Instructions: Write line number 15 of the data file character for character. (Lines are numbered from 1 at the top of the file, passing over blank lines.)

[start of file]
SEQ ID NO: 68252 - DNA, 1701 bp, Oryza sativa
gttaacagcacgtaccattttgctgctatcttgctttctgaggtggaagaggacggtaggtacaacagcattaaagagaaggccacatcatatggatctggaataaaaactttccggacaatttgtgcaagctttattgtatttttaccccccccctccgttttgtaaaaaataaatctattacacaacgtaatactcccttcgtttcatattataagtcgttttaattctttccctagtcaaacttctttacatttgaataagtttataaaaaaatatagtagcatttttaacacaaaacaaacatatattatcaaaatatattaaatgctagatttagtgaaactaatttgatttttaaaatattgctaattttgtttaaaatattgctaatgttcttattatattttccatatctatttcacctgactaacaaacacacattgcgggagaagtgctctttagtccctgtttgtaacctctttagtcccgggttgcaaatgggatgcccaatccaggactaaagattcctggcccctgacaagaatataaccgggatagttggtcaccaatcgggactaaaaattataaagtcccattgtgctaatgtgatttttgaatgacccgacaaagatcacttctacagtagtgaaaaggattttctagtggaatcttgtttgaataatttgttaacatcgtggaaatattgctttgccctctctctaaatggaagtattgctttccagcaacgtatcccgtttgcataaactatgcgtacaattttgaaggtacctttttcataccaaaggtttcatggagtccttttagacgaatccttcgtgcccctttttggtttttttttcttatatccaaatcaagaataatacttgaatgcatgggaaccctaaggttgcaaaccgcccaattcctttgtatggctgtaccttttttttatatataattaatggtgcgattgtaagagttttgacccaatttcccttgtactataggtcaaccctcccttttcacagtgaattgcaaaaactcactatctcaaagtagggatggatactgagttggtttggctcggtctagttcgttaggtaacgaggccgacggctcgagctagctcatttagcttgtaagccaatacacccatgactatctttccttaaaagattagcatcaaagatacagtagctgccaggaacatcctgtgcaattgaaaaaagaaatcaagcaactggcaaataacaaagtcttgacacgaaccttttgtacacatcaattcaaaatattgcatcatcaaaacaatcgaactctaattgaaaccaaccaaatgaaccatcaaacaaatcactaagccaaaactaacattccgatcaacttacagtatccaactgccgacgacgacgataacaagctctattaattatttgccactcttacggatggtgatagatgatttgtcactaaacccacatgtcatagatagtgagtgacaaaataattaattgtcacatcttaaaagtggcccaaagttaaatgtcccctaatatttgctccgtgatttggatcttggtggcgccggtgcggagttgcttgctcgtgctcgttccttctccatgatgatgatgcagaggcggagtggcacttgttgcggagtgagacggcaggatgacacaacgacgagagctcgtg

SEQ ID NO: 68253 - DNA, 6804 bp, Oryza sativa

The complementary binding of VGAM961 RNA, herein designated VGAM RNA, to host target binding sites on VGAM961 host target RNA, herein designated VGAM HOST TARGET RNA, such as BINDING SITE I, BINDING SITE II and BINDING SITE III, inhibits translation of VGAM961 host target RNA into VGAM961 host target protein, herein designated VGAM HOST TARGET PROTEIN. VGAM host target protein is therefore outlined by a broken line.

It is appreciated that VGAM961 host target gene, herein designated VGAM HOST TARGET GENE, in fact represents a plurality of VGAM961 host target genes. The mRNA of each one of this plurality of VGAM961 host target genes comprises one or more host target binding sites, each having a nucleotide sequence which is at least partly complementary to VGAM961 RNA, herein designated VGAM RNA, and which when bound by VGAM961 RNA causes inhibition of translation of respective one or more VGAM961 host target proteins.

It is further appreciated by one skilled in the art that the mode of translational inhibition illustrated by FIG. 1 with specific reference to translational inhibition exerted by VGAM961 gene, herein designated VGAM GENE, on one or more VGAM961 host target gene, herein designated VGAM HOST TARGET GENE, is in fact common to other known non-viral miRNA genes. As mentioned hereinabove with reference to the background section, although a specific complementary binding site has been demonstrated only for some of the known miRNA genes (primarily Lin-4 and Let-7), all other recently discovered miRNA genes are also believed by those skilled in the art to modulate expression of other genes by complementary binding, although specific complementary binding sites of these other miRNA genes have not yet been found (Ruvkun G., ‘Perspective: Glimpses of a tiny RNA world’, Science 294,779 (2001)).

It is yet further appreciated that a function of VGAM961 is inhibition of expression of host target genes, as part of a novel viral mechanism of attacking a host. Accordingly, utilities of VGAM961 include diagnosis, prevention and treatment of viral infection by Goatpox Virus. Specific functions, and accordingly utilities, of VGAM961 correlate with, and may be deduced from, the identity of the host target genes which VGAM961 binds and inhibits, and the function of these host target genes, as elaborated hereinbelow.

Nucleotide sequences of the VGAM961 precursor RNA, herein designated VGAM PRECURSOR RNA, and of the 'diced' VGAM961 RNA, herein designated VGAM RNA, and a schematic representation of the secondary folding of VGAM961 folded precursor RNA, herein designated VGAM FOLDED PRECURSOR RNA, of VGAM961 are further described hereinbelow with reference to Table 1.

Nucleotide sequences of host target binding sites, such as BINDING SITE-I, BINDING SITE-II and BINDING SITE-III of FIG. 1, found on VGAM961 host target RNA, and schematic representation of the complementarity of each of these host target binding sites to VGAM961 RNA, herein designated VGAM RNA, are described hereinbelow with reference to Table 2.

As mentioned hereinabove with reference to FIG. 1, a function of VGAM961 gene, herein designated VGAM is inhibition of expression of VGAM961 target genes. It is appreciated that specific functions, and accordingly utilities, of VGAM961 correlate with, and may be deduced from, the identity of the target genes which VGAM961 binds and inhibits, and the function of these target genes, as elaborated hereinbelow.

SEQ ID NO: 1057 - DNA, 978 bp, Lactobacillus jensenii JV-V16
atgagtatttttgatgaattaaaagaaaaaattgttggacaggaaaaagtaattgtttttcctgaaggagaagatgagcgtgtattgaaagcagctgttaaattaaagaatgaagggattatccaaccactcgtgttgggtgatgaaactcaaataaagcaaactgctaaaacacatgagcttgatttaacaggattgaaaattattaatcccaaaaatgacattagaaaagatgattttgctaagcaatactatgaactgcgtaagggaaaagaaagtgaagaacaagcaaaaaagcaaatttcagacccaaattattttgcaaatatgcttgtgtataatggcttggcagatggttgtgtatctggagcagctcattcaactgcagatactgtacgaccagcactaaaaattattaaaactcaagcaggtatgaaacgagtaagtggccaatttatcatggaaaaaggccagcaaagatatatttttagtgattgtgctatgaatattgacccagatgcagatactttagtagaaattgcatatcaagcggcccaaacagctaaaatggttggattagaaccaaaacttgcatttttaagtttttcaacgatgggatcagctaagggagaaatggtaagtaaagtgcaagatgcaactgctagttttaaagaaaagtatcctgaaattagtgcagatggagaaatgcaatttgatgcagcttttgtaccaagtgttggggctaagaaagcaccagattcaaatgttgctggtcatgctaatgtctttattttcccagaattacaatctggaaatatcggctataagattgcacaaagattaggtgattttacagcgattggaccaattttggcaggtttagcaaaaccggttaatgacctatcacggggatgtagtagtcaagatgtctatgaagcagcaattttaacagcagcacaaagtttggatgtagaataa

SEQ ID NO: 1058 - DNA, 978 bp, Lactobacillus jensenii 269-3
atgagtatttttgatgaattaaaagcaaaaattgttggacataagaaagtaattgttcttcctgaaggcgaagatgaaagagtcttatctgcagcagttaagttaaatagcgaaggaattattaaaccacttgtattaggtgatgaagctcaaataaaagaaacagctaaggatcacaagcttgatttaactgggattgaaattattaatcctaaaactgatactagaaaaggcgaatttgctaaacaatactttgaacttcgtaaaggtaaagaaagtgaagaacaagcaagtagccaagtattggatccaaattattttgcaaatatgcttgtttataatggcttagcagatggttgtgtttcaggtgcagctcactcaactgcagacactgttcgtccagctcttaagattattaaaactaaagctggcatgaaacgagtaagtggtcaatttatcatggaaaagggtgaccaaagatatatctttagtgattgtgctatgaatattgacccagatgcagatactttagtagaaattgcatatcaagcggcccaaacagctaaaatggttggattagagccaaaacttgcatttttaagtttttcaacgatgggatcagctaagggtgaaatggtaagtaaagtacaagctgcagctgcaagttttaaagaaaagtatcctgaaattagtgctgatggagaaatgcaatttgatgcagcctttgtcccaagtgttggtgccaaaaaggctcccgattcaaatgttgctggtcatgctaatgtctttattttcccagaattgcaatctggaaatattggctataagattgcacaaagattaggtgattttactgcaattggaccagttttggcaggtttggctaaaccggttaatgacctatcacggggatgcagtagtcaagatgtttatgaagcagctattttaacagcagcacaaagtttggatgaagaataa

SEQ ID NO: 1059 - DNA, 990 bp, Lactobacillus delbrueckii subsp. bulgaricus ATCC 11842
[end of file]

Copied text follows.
SEQ ID NO: 1059 - DNA, 990 bp, Lactobacillus delbrueckii subsp. bulgaricus ATCC 11842